MIRANSHAH PAKISTAN - The Pakistani Taliban have abandoned their last key stronghold and booby traps and explosives littering their hideouts now present the main danger to the soldiers who control the territory, military officials say.
Instead of black-clad militants, uniformed men and the odd lone donkey wander the streets of Miranshah, the capital of Pakistan's northwestern region of North Waziristan.
For years, Pakistan's allies urged the South Asian nation to strike against militant strongholds on the Afghan border. Now, as NATO troops withdraw from neighbouring Afghanistan, the army launched a campaign last month to push out the militants.
A rare visit this week to Miranshah, organised by the military, showed how tightly the Taliban had held the frontier town in its grip.
"It is a city waiting to blow up, that's how much explosive there is here, in homes, in shops, buried under the ground," said senior commander Brigadier Tahir Malik, standing outside one of 11 bomb making plants the army says it has seized.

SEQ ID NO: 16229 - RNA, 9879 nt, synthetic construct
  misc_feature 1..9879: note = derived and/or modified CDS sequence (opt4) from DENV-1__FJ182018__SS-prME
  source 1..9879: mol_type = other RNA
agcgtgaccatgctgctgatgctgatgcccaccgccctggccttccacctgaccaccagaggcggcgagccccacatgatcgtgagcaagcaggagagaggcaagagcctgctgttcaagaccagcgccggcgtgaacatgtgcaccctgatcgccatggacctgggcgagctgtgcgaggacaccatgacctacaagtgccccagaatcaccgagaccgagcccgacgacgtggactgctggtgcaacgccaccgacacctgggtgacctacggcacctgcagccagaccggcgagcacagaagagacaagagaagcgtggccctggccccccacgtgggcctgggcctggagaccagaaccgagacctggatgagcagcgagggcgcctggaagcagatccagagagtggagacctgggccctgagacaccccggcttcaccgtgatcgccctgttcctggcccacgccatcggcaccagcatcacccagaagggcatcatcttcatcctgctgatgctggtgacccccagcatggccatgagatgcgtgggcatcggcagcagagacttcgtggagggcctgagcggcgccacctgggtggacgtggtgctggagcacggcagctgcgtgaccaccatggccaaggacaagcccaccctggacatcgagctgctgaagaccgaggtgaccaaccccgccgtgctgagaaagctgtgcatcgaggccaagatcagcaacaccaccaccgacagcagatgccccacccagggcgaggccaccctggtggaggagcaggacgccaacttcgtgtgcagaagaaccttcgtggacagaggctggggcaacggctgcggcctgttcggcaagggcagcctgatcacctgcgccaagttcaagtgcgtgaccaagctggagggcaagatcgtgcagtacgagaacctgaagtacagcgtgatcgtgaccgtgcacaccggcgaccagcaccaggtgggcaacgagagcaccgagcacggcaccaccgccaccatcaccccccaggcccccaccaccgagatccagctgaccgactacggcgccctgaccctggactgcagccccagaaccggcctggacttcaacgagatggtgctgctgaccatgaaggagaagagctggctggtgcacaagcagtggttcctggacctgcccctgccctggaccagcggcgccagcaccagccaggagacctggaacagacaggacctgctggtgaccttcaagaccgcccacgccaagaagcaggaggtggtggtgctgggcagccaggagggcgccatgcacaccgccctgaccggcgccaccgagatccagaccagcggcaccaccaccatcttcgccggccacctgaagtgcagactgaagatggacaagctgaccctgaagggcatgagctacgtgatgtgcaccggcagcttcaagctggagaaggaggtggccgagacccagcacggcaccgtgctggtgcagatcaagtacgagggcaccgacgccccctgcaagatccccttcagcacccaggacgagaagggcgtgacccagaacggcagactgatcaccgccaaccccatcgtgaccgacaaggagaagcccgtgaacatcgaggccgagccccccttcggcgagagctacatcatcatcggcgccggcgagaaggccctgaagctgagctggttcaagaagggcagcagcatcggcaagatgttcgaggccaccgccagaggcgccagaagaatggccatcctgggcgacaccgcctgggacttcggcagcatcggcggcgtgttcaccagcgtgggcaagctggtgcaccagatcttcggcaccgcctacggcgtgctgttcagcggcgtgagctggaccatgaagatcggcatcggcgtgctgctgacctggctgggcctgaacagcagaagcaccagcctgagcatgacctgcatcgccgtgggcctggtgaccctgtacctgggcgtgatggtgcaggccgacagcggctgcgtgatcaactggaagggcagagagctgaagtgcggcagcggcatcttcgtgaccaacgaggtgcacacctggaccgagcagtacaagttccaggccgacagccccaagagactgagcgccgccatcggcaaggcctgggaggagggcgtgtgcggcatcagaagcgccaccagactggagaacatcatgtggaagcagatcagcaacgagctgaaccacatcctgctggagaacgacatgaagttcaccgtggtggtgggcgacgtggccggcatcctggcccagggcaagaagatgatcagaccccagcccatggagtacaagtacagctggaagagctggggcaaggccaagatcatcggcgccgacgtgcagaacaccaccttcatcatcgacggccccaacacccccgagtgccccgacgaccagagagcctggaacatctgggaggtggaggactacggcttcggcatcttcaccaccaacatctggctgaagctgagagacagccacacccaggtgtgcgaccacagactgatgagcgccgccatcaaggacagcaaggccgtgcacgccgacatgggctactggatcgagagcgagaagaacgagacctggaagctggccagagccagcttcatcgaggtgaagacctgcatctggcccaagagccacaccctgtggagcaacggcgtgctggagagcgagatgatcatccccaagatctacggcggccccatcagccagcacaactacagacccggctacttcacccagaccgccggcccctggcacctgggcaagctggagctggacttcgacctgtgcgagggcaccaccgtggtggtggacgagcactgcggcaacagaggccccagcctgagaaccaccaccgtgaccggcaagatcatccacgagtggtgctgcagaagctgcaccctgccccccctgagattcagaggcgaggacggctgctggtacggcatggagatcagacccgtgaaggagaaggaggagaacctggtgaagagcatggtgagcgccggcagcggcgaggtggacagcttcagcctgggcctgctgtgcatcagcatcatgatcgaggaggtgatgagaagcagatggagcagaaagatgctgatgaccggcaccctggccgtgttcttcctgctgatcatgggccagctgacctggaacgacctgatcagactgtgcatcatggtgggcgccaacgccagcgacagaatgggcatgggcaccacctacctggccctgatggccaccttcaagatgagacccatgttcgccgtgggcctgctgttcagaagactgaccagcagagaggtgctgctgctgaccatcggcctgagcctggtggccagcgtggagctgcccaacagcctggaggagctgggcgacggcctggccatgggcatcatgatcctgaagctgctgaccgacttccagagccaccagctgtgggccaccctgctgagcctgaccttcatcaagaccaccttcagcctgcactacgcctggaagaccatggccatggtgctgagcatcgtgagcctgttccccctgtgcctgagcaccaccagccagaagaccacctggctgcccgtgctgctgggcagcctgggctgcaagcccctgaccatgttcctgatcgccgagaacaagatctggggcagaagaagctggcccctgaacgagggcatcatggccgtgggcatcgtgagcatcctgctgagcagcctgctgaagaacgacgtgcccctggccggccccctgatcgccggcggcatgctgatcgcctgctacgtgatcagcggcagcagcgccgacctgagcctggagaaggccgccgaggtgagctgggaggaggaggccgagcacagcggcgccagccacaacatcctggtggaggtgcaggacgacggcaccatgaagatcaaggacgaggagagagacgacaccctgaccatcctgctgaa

The explosives factory is piled high with hundreds of metal cylinders and other containers the militants used to make bombs.
Apart from soldiers, the city is a ghost town. The army ordered residents out before the offensive; some left food on their tables as they fled.
Entire neighborhoods are rubble after caches of explosives detonated and jets pounded suspected militant hideouts.
Under the destruction lies a sophisticated network of tunnels used to smuggle militants and weapons out of the view of hovering drones.
At the Gulpakhel mosque, subterranean corridors snaked past rooms dotted with prayer mats and blankets before ending at a secret door hidden by a bookshelf. Behind lay rooms that had housed senior Taliban commanders, the military said.
Sleeping mats were scattered before freshly painted walls fitted with an air-conditioner and a sound system and lit by a six-bulb chandelier.
"Even I don't get to live like this here, with all these comforts," said a colonel accompanying the visitors.